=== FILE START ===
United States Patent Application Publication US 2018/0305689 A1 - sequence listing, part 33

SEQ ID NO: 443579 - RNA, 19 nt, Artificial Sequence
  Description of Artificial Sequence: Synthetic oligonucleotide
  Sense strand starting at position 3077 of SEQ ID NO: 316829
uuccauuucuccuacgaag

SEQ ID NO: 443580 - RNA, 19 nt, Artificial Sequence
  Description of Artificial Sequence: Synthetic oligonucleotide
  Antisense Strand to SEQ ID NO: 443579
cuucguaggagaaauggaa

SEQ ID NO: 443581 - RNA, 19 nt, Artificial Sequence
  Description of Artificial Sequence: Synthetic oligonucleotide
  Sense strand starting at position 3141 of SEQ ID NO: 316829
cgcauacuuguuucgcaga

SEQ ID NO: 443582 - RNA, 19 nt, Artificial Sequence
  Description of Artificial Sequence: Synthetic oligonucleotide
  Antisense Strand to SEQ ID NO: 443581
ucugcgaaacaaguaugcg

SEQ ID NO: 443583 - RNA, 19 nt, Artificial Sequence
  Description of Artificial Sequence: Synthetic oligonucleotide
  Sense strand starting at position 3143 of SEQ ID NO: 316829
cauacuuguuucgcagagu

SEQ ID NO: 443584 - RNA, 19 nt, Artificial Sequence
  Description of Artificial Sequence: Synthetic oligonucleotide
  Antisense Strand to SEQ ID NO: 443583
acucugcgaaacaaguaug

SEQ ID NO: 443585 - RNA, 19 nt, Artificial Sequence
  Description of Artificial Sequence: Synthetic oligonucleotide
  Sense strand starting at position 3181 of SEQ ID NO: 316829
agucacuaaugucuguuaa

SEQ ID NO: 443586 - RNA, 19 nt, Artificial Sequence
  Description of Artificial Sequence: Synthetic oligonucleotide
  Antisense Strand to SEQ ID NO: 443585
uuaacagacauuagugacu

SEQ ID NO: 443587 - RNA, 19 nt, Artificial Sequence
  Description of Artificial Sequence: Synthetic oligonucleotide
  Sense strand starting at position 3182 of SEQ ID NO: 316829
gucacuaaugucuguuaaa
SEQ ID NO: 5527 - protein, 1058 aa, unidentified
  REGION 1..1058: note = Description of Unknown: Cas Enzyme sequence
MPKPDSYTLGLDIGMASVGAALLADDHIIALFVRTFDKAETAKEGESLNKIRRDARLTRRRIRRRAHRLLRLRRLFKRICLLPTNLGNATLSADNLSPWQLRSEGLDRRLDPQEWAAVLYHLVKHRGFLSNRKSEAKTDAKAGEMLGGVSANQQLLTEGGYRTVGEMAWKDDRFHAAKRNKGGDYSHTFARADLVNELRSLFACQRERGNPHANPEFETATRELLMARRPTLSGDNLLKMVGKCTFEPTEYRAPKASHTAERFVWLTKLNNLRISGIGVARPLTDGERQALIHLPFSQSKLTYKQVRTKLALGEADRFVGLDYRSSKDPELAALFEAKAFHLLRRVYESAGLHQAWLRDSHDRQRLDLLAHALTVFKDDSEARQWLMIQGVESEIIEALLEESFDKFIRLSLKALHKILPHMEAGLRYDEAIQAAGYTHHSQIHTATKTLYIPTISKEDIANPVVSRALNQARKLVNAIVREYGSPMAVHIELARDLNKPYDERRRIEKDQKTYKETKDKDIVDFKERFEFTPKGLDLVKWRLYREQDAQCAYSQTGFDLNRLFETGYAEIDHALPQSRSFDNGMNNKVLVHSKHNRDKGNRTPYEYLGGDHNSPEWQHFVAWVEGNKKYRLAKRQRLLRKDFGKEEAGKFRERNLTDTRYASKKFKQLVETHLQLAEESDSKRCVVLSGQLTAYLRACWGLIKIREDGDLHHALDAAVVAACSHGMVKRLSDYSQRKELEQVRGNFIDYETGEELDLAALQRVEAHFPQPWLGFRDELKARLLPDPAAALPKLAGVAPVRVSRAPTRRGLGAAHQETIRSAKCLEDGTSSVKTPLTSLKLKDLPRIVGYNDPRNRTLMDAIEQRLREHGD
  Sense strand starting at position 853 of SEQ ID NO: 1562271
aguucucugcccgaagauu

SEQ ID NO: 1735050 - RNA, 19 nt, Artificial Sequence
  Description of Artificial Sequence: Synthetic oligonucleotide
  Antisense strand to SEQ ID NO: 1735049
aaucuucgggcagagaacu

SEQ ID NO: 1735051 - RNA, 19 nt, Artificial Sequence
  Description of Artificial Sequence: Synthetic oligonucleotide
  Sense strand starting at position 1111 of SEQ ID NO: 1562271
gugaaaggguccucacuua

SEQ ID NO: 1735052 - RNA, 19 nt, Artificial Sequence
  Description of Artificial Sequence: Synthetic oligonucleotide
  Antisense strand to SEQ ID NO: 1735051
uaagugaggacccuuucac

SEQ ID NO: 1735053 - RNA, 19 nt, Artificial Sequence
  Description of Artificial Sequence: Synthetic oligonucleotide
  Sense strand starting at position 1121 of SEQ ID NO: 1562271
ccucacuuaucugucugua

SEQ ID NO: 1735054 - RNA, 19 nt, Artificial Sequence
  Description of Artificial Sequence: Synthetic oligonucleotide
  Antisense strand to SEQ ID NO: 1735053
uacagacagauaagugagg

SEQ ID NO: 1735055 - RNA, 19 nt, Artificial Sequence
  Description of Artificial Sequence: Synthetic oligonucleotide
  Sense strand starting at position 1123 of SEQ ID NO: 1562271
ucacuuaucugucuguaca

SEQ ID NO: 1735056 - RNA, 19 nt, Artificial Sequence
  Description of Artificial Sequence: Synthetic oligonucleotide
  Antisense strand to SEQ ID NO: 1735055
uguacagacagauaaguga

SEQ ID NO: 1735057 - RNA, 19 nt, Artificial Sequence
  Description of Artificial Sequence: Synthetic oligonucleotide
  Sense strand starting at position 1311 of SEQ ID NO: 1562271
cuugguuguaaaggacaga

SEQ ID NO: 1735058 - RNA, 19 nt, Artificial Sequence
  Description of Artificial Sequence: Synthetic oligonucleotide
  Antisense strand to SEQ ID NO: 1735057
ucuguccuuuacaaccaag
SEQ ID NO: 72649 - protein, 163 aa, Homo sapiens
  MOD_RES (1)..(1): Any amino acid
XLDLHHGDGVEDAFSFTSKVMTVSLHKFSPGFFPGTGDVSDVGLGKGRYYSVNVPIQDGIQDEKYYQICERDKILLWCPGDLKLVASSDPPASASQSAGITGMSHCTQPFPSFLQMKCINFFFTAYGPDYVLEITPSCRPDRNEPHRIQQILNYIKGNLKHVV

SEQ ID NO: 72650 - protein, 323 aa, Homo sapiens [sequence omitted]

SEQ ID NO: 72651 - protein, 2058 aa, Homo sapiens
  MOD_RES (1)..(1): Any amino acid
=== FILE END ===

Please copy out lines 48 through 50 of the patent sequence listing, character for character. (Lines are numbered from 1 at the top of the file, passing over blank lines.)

  Description of Artificial Sequence: Synthetic oligonucleotide
  Sense strand starting at position 1111 of SEQ ID NO: 1562271
gugaaaggguccucacuua